Twitter and I just don’t get along. I’ll Facebook ’til carpal tunnel locks my fingers up, but I just don’t enjoy the fast-paced world of tweets and twitpics. I was glad I stopped by yesterday, though, because I stumbled on news that Keyshia Cole married her NBA baller boo over the weekend.
My first thought was go ‘head, y’all! Because even though I’m smack dab in my eternal singledom, I’m genuinely happy for any couple who finds each other, from celebrity mash-ups to Pookie and Clandetta down the block.
Even with all the bells and whistles of the new millennium, there’s nothing like a good ol’ fashioned love story.
My second reaction was a bit more reflective, maybe even inspired: I wonder if Keyshia and her bestie Monica, who herself got married back at the beginning of the year, will inspire their fans, fellow baby mamas and women generally settling for less than they deserve to stand in front of somebody’s altar and say ‘I do,’ too?
It would’ve been nothing for Keyshia and her brand new hubby — Cleveland Cavs player Daniel Gibson, in case you didn’t know — to take the new-age route and shack up instead of making it official. Seems like everybody and their sister’s cousin is either living together or creeping up on common law these days. It’s the modern way of getting to happily ever after. And it sure makes that milk and cow adage seem archaic.
But sometimes — heck, a lot of times — there’s something to be said for doing stuff the old-fashioned way. My grandparents enjoyed 46 years of holy matrimony before my granddaddy passed on. My aunt and uncle will celebrate their 25th anniversary at the beginning of June. My pastor and his co-pastor-slash-wife, they’ve been happily hitched and totally smitten for the better part of two decades. And you know what these fabulous couples have in common (besides being my relationship role models)? They didn’t live together before they got married.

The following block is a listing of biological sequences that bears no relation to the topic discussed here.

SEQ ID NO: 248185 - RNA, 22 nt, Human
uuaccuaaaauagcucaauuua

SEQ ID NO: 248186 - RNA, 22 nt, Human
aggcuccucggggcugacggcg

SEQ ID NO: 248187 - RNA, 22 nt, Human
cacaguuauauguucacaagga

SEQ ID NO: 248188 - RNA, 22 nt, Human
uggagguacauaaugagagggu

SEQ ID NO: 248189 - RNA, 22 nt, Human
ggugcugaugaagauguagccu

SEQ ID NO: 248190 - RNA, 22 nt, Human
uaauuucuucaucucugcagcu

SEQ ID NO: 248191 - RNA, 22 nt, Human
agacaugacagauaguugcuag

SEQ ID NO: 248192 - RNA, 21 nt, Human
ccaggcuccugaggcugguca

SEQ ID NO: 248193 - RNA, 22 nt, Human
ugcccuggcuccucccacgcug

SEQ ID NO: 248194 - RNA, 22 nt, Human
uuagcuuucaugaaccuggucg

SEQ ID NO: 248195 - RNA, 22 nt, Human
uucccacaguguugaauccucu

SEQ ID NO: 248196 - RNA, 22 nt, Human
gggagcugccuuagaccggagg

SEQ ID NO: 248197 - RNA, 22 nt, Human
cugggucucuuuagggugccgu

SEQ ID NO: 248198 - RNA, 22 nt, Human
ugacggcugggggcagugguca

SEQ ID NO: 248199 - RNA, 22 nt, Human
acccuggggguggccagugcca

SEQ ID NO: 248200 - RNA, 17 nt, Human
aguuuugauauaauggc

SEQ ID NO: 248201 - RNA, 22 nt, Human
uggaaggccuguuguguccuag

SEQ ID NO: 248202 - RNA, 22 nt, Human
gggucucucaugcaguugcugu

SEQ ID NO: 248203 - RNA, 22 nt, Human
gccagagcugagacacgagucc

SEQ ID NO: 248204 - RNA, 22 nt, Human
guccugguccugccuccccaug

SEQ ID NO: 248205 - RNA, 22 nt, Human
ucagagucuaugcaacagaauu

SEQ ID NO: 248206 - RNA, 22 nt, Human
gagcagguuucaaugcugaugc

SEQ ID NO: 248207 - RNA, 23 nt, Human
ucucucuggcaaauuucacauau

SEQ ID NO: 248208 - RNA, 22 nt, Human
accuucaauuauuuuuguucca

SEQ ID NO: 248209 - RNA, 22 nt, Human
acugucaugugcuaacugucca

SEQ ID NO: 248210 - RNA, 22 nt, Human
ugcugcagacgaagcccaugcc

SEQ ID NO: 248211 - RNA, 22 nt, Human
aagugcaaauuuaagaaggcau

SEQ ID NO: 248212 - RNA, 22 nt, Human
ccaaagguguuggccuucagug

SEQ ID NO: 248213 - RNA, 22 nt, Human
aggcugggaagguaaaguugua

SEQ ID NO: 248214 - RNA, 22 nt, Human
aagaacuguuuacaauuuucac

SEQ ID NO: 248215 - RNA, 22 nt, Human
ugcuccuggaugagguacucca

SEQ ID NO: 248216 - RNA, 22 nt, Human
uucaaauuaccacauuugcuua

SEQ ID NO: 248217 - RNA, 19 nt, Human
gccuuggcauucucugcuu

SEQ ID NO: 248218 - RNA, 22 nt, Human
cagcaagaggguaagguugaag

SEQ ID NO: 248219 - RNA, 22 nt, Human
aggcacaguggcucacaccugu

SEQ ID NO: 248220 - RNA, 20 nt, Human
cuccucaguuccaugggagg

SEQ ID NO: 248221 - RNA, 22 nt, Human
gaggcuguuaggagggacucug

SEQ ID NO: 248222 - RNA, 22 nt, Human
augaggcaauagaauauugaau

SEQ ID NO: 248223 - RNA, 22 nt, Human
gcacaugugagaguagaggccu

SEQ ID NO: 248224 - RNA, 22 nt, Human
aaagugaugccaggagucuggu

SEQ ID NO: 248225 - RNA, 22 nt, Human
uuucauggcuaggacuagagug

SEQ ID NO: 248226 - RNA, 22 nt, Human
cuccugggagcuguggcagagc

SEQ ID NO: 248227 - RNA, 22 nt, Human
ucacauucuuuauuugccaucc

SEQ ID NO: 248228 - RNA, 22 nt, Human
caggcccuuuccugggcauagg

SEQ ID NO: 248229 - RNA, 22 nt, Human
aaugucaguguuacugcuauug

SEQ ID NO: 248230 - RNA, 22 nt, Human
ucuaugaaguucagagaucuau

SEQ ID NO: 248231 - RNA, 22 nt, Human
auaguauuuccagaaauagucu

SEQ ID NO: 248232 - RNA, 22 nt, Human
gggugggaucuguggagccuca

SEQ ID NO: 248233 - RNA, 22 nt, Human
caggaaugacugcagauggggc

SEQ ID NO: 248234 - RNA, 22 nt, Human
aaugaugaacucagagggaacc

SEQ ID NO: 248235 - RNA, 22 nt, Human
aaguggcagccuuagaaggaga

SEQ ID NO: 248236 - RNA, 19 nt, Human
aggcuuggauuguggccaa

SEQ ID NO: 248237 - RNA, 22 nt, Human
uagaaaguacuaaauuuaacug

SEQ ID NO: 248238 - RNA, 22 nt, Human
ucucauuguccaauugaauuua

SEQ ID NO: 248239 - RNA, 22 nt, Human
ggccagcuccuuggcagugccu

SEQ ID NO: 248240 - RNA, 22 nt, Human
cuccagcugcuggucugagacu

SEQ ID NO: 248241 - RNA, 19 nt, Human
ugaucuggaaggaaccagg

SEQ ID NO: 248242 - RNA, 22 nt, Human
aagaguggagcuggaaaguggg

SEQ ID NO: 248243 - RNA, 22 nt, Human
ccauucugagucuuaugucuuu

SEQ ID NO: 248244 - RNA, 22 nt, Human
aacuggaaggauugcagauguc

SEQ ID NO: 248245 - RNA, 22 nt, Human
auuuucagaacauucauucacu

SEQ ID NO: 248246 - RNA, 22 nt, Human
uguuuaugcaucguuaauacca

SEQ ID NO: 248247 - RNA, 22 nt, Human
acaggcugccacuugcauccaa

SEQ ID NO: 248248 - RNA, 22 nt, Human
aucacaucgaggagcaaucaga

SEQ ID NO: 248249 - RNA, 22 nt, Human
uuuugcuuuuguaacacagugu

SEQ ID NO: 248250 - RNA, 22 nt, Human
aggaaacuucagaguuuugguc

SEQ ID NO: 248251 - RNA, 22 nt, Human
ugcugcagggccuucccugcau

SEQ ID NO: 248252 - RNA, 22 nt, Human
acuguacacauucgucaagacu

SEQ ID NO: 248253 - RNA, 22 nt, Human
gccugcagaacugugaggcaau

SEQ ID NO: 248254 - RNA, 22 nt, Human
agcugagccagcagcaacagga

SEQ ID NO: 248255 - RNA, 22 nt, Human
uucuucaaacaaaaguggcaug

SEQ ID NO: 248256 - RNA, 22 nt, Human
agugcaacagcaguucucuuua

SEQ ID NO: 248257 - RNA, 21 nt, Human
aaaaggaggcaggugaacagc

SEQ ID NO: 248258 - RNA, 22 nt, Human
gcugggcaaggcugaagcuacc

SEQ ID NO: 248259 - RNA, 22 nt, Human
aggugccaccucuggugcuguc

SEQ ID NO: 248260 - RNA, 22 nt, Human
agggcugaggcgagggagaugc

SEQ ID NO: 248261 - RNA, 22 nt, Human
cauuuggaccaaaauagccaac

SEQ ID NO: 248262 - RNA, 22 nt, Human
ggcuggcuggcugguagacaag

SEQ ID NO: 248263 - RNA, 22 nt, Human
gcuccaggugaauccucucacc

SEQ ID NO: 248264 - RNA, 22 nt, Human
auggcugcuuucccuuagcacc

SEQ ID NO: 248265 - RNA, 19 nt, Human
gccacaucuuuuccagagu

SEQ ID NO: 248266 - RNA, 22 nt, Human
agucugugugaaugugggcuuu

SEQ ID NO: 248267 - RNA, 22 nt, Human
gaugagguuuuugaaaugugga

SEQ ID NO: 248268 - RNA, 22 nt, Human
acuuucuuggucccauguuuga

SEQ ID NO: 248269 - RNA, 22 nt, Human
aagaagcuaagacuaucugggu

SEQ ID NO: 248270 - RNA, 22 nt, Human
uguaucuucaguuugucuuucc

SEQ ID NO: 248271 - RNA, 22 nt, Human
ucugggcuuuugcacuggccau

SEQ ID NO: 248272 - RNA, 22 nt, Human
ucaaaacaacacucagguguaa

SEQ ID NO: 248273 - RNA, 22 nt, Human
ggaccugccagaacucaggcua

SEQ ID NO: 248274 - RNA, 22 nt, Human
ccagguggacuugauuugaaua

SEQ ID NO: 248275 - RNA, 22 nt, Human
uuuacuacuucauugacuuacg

I’m well aware that some folks have, for whatever reason, a mutual aversion to the institution of marriage. Those people can shack up to their hearts’ content because that’s not part of either one of their game plans. I don’t particularly understand it myself, but hey, I don’t rock the boat or knock the sailors.
But I feel like this right here: if your desire is to go from Miss to Mrs. and you have a man who’s willing to give you pet names, cuddle at night, meet your parents, number crunch bills, delegate household duties, sex you up one side of ecstasy and into the next, he can drop down to his knee and ask you to be his wife. I just believe we women shortchange ourselves by becoming glorified roommates when we’re worth so much more than being a live-in convenience. Besides, I just don’t think we need the dry run of living together to know if a dude is husband material. That’s what the whole dating process is supposed to do. If you’re that uncertain that you need to put him on a trial basis, chances are those doubts won’t work themselves out by sharing an address in a condo complex.
This much I’ve learned from watching on the sidelines: there’s more at risk financially, emotionally, and mentally when you shack up than there is from settling down. There’s no increased chance of making a relationship the next Great African-American Love Story because you shacked up before you took the dive. In fact, studies show that couples stand more of a chance of being doomed by cohabitation than benefited by it.
My sincere congrats go out to Keyshia and Daniel. I’m not sure if they lived together or not before they got married. Maybe, maybe not. If they did, though, they turned it around. And I can only hope, since celebrities wield such heavy influence over what so many folks do, say and believe, that her decision to move from baby mama to wife inspires other ladies to demand more from their romantic relationships, just like her.